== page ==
|Vines cling to steep hillsides on the north side of Madeira.|
Like few other wines in the world, the wines from the island of Madeira are synonymous with their distinctive method of production. For centuries, producers here have fortified their wines with neutral spirits, then aged the wines in cask for long periods of time, oxidizing them and exposing them to heat. The result is one of the world’s winemaking gems — a seemingly indestructible wine that can age for centuries and retain its exotic characteristics for long after the bottle is opened.
After a week-long trip to this Portuguese island, I have a whole lot to write about these magnificent wines and the island and people responsible for them. But, first, I wanted to explore the state of the island’s still wines. Yes, they make unfortified, dry, white and red table wines on Madeira. The wines ranged from the eccentric and odd to the refreshing and impressive.
The entire island is home to less than 500 hectares of vines, which cling to unreasonably steep hillsides in tiny, terraced vineyards. And still wine production counts for a mere 4-5% of the island’s total production. So there are not a lot of bottles to go around. The still Madeira wines (which fall under the appellation “DOP Madeirense”) are made in very small quantities, and the majority of the wine stays on the island. But the evolution of the still wine movement in Madeira signifies a desire to adapt and innovate. And that’s notable for a tremendously regulated wine industry on an island typified by a stick-to-your-guns respect for tradition and history.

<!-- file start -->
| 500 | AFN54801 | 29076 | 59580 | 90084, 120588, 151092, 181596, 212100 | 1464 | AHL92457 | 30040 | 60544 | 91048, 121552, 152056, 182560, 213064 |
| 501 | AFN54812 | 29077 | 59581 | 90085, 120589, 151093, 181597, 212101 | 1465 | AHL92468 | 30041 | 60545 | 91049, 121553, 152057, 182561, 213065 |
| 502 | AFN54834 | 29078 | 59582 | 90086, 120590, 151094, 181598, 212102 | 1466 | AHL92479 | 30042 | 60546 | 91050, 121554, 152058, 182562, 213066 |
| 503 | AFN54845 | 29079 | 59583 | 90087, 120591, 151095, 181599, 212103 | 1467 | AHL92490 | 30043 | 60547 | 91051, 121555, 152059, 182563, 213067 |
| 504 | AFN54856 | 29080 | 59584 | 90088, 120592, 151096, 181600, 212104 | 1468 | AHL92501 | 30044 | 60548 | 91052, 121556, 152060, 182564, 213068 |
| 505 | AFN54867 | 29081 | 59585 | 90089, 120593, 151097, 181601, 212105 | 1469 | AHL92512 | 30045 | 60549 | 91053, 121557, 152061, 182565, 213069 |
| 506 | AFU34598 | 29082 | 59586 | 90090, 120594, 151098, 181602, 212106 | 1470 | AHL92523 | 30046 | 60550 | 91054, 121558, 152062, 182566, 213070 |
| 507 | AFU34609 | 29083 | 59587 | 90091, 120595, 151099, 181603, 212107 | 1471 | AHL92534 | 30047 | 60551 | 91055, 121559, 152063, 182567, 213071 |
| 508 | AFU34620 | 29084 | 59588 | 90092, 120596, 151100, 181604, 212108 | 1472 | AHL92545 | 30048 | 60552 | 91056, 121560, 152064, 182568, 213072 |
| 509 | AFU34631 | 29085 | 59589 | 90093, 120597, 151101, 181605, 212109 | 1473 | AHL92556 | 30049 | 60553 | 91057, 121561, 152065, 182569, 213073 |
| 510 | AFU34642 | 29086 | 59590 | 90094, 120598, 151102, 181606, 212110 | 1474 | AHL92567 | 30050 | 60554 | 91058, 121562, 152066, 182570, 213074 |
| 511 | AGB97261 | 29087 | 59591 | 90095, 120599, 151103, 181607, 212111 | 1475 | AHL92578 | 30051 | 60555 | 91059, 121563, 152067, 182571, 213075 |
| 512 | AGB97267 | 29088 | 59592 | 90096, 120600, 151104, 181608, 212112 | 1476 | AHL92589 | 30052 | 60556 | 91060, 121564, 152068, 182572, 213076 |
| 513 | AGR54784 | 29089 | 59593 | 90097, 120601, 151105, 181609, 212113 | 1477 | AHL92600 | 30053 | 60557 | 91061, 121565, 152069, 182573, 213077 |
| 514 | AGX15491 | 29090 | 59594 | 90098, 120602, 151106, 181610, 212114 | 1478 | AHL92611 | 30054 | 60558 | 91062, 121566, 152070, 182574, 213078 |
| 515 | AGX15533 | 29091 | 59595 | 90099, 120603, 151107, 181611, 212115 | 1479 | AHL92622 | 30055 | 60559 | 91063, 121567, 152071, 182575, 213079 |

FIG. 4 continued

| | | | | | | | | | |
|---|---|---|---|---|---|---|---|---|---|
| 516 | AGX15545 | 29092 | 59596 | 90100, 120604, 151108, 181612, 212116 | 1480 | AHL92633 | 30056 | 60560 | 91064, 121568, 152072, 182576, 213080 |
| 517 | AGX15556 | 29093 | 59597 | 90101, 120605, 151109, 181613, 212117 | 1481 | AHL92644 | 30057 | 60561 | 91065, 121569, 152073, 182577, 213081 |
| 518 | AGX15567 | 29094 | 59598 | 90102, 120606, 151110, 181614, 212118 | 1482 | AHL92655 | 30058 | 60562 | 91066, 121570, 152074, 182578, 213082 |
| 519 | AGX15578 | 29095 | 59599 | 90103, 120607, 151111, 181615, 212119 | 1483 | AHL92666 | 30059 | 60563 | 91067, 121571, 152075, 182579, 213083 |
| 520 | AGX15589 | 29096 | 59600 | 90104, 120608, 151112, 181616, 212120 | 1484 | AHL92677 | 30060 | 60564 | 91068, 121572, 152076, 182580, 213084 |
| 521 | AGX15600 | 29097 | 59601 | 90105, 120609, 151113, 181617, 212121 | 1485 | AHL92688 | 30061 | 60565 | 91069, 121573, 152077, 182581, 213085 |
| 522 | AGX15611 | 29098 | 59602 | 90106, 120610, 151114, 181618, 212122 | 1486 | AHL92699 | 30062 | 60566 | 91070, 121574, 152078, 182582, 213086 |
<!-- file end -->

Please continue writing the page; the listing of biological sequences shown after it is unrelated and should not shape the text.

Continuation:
As a collective group, DOP Madeirense white wines are fresh, vibrant, low in alcohol, high in acidity, and laced with citrus peel and floral flavors. Like seemingly everything produced on the island, the wines exude a sense of sea salt and oceanic goodness. As a surfer and lover of all things of the sea, these wines excite me. And they’re perfectly matched to local cuisine like lapas and scabbard fish. The red wines (frequently blends of two to five varieties) tend to have lighter tannic structure, high acidity, crunchy red fruit and plenty of earth and spice elements to go around.